What the Camera Sees, and Doesn’t See

Maurice Berger writes for the New York Times Lens Blog on recent ICP-Bard MFA alumnus Kim Weston's work: "...Seen, Unseen, Ms. Weston’s contribution to her class’s thesis group show, focuses on her mother’s family in Cheraw, S.C. The artist, who is part African-American, Native American and Irish, initially found the process of photographing her relatives… Continue reading What the Camera Sees, and Doesn’t See

FOUND IN TRANSLATION, ICP-Bard’s MFA Group Show from the Class of 2014

Words from our Director, Nayland Blake: It used to be said that sculpture was the thing you fell over when you backed up to get a better look at a painting. Now the same could be said for photography. One of the many effects of the digitization of photographic proceses has been to make it… Continue reading FOUND IN TRANSLATION, ICP-Bard’s MFA Group Show from the Class of 2014

THANK YOU FOR THE BIRTHDAY GIFT ROBERT CAPA

"Capa was one of the century's great storytellers, both as a photographer and in life, which is a reason we still revere him, and whatever questions linger about his fidelity no longer matter very much, because his images have passed from news into the vague category of art, where the line between truth and fiction… Continue reading THANK YOU FOR THE BIRTHDAY GIFT ROBERT CAPA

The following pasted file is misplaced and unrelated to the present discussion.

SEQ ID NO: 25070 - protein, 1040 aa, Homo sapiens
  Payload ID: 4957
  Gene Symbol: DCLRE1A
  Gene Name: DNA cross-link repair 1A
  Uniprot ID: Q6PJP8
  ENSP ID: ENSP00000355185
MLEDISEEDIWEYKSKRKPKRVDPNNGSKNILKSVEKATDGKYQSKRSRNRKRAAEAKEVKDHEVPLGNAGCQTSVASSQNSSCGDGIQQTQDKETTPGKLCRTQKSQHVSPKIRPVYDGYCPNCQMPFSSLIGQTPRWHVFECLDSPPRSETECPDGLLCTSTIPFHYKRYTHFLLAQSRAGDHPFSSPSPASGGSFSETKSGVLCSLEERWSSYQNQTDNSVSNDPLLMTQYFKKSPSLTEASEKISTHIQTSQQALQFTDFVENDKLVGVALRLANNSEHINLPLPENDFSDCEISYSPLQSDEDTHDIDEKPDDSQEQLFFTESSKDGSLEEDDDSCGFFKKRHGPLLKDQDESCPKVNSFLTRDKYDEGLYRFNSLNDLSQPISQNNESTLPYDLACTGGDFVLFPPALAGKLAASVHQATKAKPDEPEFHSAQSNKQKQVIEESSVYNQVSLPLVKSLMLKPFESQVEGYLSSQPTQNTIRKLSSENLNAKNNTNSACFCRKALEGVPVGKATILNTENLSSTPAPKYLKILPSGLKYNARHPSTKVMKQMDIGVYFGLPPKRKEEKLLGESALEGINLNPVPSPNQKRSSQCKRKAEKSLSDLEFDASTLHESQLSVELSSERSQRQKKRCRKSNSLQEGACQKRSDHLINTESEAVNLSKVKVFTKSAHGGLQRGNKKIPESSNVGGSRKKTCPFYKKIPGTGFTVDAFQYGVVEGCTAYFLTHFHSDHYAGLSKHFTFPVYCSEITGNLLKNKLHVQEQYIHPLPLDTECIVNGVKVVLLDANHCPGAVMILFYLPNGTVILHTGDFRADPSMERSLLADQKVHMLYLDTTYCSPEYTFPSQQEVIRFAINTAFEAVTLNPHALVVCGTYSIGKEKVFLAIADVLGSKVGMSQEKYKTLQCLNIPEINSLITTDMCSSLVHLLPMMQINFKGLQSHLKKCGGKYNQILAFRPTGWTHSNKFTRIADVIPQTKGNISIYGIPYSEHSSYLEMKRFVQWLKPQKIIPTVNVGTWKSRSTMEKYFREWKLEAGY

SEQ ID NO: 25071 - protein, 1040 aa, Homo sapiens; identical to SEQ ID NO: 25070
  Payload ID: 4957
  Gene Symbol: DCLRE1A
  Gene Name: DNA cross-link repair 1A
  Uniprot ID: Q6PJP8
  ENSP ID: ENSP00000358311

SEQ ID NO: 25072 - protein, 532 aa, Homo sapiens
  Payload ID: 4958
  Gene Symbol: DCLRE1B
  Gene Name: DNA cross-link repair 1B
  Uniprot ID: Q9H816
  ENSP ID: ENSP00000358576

Turn the Other Cheek

In 1992, Félix González-Torres created "Untitled" (America #1) an installation of light bulbs, porcelain light sockets, and an extension cord. Like most art, it’s a personal opinion to express how you feel about the work of an artist. Or should I say to understand the creation or maybe not. Frankly, Torres' work did nothing for me. It only made… Continue reading Turn the Other Cheek

HIDE: SKIN AS MATERIAL AND METAPHOR

My father-n-law is a man of pride. His conversations always lead to our Native American traditions. Those conversations or should I say story telling which feel like very long lectures (that depends on my perspective based on what mood I'm in) are refreshing to hear. He speaks of the ways of the Seminole tradition and… Continue reading HIDE: SKIN AS MATERIAL AND METAPHOR

Mark Bradford’s Recycled Memories

Mark Branford’s art practice is very detailed and labor intensive. He says it’s the time needed to slow down so he can hear himself think. A time to listen to the quiet voice. The voice that has the most interesting ideas. As artists, we have to understand our own individual practice. Learning to figure out how… Continue reading Mark Bradford’s Recycled Memories

Inspiration and Discovery from Kim Weston

I began to educate myself with the desire to share something that excited me and start a dialog through my photographs. Dawoud Bey, Lorna Simpson, Thelma Golden and Kellie Jones were my first inspirations in my teens. I'd run the halls at Jamaica Art Center (a small arts learning center and gallery in Jamaica Queens,… Continue reading Inspiration and Discovery from Kim Weston